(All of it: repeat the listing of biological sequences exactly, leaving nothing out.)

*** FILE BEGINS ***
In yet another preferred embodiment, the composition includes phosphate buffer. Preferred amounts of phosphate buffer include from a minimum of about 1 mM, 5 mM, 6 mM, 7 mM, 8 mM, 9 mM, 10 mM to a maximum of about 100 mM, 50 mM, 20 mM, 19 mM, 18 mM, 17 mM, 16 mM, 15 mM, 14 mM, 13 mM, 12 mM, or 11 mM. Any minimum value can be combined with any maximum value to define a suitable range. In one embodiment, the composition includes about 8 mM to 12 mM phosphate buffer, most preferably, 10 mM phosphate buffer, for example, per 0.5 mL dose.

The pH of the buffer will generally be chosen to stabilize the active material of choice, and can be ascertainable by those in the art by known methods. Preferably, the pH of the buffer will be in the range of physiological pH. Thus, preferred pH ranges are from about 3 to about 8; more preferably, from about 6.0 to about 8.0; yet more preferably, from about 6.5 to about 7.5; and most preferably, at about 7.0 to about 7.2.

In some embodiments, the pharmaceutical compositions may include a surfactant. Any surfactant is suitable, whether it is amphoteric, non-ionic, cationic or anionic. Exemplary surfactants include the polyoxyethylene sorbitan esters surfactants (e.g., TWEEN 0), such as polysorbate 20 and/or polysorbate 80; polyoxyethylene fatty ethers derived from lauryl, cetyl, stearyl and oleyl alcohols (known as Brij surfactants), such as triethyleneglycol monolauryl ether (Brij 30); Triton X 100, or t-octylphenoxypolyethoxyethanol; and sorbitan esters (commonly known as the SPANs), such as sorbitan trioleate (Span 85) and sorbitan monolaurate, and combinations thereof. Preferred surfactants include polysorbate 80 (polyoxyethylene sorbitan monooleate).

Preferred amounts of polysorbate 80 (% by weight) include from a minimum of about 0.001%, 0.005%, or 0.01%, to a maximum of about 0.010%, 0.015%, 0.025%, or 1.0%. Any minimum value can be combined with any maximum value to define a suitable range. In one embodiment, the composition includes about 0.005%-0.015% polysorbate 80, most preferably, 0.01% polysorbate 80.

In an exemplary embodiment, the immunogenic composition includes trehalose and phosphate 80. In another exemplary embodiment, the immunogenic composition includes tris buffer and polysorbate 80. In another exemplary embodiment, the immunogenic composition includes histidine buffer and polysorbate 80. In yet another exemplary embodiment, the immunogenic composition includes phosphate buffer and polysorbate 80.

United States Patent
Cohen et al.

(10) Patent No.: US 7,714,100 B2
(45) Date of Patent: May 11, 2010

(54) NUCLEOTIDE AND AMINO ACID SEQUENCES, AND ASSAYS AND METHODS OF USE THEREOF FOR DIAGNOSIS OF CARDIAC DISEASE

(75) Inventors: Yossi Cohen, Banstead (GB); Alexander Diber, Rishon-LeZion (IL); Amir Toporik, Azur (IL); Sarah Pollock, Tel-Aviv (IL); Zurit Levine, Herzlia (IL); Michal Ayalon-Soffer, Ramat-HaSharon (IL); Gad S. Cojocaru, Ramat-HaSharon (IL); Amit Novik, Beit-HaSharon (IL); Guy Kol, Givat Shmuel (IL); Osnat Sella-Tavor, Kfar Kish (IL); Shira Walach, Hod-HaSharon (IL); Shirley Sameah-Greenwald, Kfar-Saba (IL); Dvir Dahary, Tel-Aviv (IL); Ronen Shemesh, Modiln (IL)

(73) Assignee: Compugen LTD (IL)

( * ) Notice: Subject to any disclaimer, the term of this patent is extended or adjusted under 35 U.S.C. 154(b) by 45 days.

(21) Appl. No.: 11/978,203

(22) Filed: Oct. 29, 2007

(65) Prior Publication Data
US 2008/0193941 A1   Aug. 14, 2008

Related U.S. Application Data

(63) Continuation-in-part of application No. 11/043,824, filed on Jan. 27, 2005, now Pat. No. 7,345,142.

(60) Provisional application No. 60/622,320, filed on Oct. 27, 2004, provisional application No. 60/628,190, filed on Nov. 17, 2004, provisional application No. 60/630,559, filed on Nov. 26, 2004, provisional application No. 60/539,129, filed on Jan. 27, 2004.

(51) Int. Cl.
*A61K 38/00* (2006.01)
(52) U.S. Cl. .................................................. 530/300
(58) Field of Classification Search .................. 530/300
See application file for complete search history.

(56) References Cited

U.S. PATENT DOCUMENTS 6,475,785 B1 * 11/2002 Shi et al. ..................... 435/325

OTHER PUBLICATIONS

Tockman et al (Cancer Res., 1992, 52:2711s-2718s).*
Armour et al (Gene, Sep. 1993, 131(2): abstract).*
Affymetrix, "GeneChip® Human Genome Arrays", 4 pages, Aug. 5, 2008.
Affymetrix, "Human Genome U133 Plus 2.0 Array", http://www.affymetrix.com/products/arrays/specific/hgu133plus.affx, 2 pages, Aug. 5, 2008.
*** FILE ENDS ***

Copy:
In yet another preferred embodiment, the composition includes phosphate buffer. Preferred amounts of phosphate buffer include from a minimum of about 1 mM, 5 mM, 6 mM, 7 mM, 8 mM, 9 mM, 10 mM to a maximum of about 100 mM, 50 mM, 20 mM, 19 mM, 18 mM, 17 mM, 16 mM, 15 mM, 14 mM, 13 mM, 12 mM, or 11 mM. Any minimum value can be combined with any maximum value to define a suitable range. In one embodiment, the composition includes about 8 mM to 12 mM phosphate buffer, most preferably, 10 mM phosphate buffer, for example, per 0.5 mL dose.

The pH of the buffer will generally be chosen to stabilize the active material of choice, and can be ascertainable by those in the art by known methods. Preferably, the pH of the buffer will be in the range of physiological pH. Thus, preferred pH ranges are from about 3 to about 8; more preferably, from about 6.0 to about 8.0; yet more preferably, from about 6.5 to about 7.5; and most preferably, at about 7.0 to about 7.2.

In some embodiments, the pharmaceutical compositions may include a surfactant. Any surfactant is suitable, whether it is amphoteric, non-ionic, cationic or anionic. Exemplary surfactants include the polyoxyethylene sorbitan esters surfactants (e.g., TWEEN 0), such as polysorbate 20 and/or polysorbate 80; polyoxyethylene fatty ethers derived from lauryl, cetyl, stearyl and oleyl alcohols (known as Brij surfactants), such as triethyleneglycol monolauryl ether (Brij 30); Triton X 100, or t-octylphenoxypolyethoxyethanol; and sorbitan esters (commonly known as the SPANs), such as sorbitan trioleate (Span 85) and sorbitan monolaurate, and combinations thereof. Preferred surfactants include polysorbate 80 (polyoxyethylene sorbitan monooleate).

Preferred amounts of polysorbate 80 (% by weight) include from a minimum of about 0.001%, 0.005%, or 0.01%, to a maximum of about 0.010%, 0.015%, 0.025%, or 1.0%. Any minimum value can be combined with any maximum value to define a suitable range. In one embodiment, the composition includes about 0.005%-0.015% polysorbate 80, most preferably, 0.01% polysorbate 80.

In an exemplary embodiment, the immunogenic composition includes trehalose and phosphate 80. In another exemplary embodiment, the immunogenic composition includes tris buffer and polysorbate 80. In another exemplary embodiment, the immunogenic composition includes histidine buffer and polysorbate 80. In yet another exemplary embodiment, the immunogenic composition includes phosphate buffer and polysorbate 80.

United States Patent
Cohen et al.

(10) Patent No.: US 7,714,100 B2
(45) Date of Patent: May 11, 2010

(54) NUCLEOTIDE AND AMINO ACID SEQUENCES, AND ASSAYS AND METHODS OF USE THEREOF FOR DIAGNOSIS OF CARDIAC DISEASE

(75) Inventors: Yossi Cohen, Banstead (GB); Alexander Diber, Rishon-LeZion (IL); Amir Toporik, Azur (IL); Sarah Pollock, Tel-Aviv (IL); Zurit Levine, Herzlia (IL); Michal Ayalon-Soffer, Ramat-HaSharon (IL); Gad S. Cojocaru, Ramat-HaSharon (IL); Amit Novik, Beit-HaSharon (IL); Guy Kol, Givat Shmuel (IL); Osnat Sella-Tavor, Kfar Kish (IL); Shira Walach, Hod-HaSharon (IL); Shirley Sameah-Greenwald, Kfar-Saba (IL); Dvir Dahary, Tel-Aviv (IL); Ronen Shemesh, Modiln (IL)

(73) Assignee: Compugen LTD (IL)

( * ) Notice: Subject to any disclaimer, the term of this patent is extended or adjusted under 35 U.S.C. 154(b) by 45 days.

(21) Appl. No.: 11/978,203

(22) Filed: Oct. 29, 2007

(65) Prior Publication Data
US 2008/0193941 A1   Aug. 14, 2008

Related U.S. Application Data

(63) Continuation-in-part of application No. 11/043,824, filed on Jan. 27, 2005, now Pat. No. 7,345,142.

(60) Provisional application No. 60/622,320, filed on Oct. 27, 2004, provisional application No. 60/628,190, filed on Nov. 17, 2004, provisional application No. 60/630,559, filed on Nov. 26, 2004, provisional application No. 60/539,129, filed on Jan. 27, 2004.

(51) Int. Cl.
*A61K 38/00* (2006.01)
(52) U.S. Cl. .................................................. 530/300
(58) Field of Classification Search .................. 530/300
See application file for complete search history.

(56) References Cited

U.S. PATENT DOCUMENTS 6,475,785 B1 * 11/2002 Shi et al. ..................... 435/325

OTHER PUBLICATIONS

Tockman et al (Cancer Res., 1992, 52:2711s-2718s).*
Armour et al (Gene, Sep. 1993, 131(2): abstract).*
Affymetrix, "GeneChip® Human Genome Arrays", 4 pages, Aug. 5, 2008.
Affymetrix, "Human Genome U133 Plus 2.0 Array", http://www.affymetrix.com/products/arrays/specific/hgu133plus.affx, 2 pages, Aug. 5, 2008.